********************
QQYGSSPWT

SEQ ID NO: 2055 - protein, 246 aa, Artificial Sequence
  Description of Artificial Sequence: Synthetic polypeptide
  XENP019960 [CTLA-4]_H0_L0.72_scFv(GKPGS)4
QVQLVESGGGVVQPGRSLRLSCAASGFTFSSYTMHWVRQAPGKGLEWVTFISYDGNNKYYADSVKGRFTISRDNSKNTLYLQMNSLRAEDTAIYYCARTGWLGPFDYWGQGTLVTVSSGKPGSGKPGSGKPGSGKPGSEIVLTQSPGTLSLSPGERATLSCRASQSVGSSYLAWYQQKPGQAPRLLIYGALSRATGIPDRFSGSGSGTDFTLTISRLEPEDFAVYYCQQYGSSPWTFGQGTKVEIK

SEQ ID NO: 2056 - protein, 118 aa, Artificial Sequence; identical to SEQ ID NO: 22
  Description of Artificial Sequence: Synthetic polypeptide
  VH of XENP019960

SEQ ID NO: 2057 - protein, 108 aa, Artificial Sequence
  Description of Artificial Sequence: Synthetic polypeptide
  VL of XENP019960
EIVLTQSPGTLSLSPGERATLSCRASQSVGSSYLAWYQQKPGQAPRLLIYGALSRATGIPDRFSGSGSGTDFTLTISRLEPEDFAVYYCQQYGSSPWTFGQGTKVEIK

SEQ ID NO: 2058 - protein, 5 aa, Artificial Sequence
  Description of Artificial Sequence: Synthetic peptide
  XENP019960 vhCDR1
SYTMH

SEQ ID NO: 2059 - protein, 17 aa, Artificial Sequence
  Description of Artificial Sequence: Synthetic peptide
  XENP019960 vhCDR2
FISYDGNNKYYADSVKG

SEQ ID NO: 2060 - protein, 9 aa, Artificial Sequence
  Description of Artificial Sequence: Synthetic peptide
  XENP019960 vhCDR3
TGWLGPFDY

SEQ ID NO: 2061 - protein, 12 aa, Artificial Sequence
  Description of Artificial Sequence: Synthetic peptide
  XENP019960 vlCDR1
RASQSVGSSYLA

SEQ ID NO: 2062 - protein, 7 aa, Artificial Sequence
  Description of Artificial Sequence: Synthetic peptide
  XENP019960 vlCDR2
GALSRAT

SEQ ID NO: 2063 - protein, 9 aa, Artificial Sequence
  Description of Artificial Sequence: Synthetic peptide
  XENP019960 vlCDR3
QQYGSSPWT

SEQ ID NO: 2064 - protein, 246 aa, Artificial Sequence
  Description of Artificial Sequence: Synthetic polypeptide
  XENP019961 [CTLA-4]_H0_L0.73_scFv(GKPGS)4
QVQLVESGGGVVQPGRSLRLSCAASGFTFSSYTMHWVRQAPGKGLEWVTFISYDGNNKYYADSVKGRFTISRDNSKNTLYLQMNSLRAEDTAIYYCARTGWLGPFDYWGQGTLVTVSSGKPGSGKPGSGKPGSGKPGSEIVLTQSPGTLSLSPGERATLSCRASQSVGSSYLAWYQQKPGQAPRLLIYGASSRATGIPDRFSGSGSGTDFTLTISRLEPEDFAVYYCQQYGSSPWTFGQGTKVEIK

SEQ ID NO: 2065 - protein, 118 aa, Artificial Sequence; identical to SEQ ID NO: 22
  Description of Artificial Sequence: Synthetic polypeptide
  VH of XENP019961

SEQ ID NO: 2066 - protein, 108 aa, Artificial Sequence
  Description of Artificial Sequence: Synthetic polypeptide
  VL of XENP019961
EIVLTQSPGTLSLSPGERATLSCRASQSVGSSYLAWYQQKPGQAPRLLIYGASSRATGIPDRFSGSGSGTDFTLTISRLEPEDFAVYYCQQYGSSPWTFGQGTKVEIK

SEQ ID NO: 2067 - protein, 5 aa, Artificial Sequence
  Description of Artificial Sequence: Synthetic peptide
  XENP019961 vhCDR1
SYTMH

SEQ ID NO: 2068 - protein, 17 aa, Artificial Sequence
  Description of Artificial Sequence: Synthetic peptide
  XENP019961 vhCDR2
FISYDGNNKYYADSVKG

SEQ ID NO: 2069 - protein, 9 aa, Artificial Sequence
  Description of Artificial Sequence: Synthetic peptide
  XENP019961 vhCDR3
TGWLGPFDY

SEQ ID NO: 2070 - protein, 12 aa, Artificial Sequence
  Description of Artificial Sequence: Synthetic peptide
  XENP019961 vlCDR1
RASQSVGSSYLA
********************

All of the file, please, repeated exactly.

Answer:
QQYGSSPWT

SEQ ID NO: 2055 - protein, 246 aa, Artificial Sequence
  Description of Artificial Sequence: Synthetic polypeptide
  XENP019960 [CTLA-4]_H0_L0.72_scFv(GKPGS)4
QVQLVESGGGVVQPGRSLRLSCAASGFTFSSYTMHWVRQAPGKGLEWVTFISYDGNNKYYADSVKGRFTISRDNSKNTLYLQMNSLRAEDTAIYYCARTGWLGPFDYWGQGTLVTVSSGKPGSGKPGSGKPGSGKPGSEIVLTQSPGTLSLSPGERATLSCRASQSVGSSYLAWYQQKPGQAPRLLIYGALSRATGIPDRFSGSGSGTDFTLTISRLEPEDFAVYYCQQYGSSPWTFGQGTKVEIK

SEQ ID NO: 2056 - protein, 118 aa, Artificial Sequence; identical to SEQ ID NO: 22
  Description of Artificial Sequence: Synthetic polypeptide
  VH of XENP019960

SEQ ID NO: 2057 - protein, 108 aa, Artificial Sequence
  Description of Artificial Sequence: Synthetic polypeptide
  VL of XENP019960
EIVLTQSPGTLSLSPGERATLSCRASQSVGSSYLAWYQQKPGQAPRLLIYGALSRATGIPDRFSGSGSGTDFTLTISRLEPEDFAVYYCQQYGSSPWTFGQGTKVEIK

SEQ ID NO: 2058 - protein, 5 aa, Artificial Sequence
  Description of Artificial Sequence: Synthetic peptide
  XENP019960 vhCDR1
SYTMH

SEQ ID NO: 2059 - protein, 17 aa, Artificial Sequence
  Description of Artificial Sequence: Synthetic peptide
  XENP019960 vhCDR2
FISYDGNNKYYADSVKG

SEQ ID NO: 2060 - protein, 9 aa, Artificial Sequence
  Description of Artificial Sequence: Synthetic peptide
  XENP019960 vhCDR3
TGWLGPFDY

SEQ ID NO: 2061 - protein, 12 aa, Artificial Sequence
  Description of Artificial Sequence: Synthetic peptide
  XENP019960 vlCDR1
RASQSVGSSYLA

SEQ ID NO: 2062 - protein, 7 aa, Artificial Sequence
  Description of Artificial Sequence: Synthetic peptide
  XENP019960 vlCDR2
GALSRAT

SEQ ID NO: 2063 - protein, 9 aa, Artificial Sequence
  Description of Artificial Sequence: Synthetic peptide
  XENP019960 vlCDR3
QQYGSSPWT

SEQ ID NO: 2064 - protein, 246 aa, Artificial Sequence
  Description of Artificial Sequence: Synthetic polypeptide
  XENP019961 [CTLA-4]_H0_L0.73_scFv(GKPGS)4
QVQLVESGGGVVQPGRSLRLSCAASGFTFSSYTMHWVRQAPGKGLEWVTFISYDGNNKYYADSVKGRFTISRDNSKNTLYLQMNSLRAEDTAIYYCARTGWLGPFDYWGQGTLVTVSSGKPGSGKPGSGKPGSGKPGSEIVLTQSPGTLSLSPGERATLSCRASQSVGSSYLAWYQQKPGQAPRLLIYGASSRATGIPDRFSGSGSGTDFTLTISRLEPEDFAVYYCQQYGSSPWTFGQGTKVEIK

SEQ ID NO: 2065 - protein, 118 aa, Artificial Sequence; identical to SEQ ID NO: 22
  Description of Artificial Sequence: Synthetic polypeptide
  VH of XENP019961

SEQ ID NO: 2066 - protein, 108 aa, Artificial Sequence
  Description of Artificial Sequence: Synthetic polypeptide
  VL of XENP019961
EIVLTQSPGTLSLSPGERATLSCRASQSVGSSYLAWYQQKPGQAPRLLIYGASSRATGIPDRFSGSGSGTDFTLTISRLEPEDFAVYYCQQYGSSPWTFGQGTKVEIK

SEQ ID NO: 2067 - protein, 5 aa, Artificial Sequence
  Description of Artificial Sequence: Synthetic peptide
  XENP019961 vhCDR1
SYTMH

SEQ ID NO: 2068 - protein, 17 aa, Artificial Sequence
  Description of Artificial Sequence: Synthetic peptide
  XENP019961 vhCDR2
FISYDGNNKYYADSVKG

SEQ ID NO: 2069 - protein, 9 aa, Artificial Sequence
  Description of Artificial Sequence: Synthetic peptide
  XENP019961 vhCDR3
TGWLGPFDY

SEQ ID NO: 2070 - protein, 12 aa, Artificial Sequence
  Description of Artificial Sequence: Synthetic peptide
  XENP019961 vlCDR1
RASQSVGSSYLA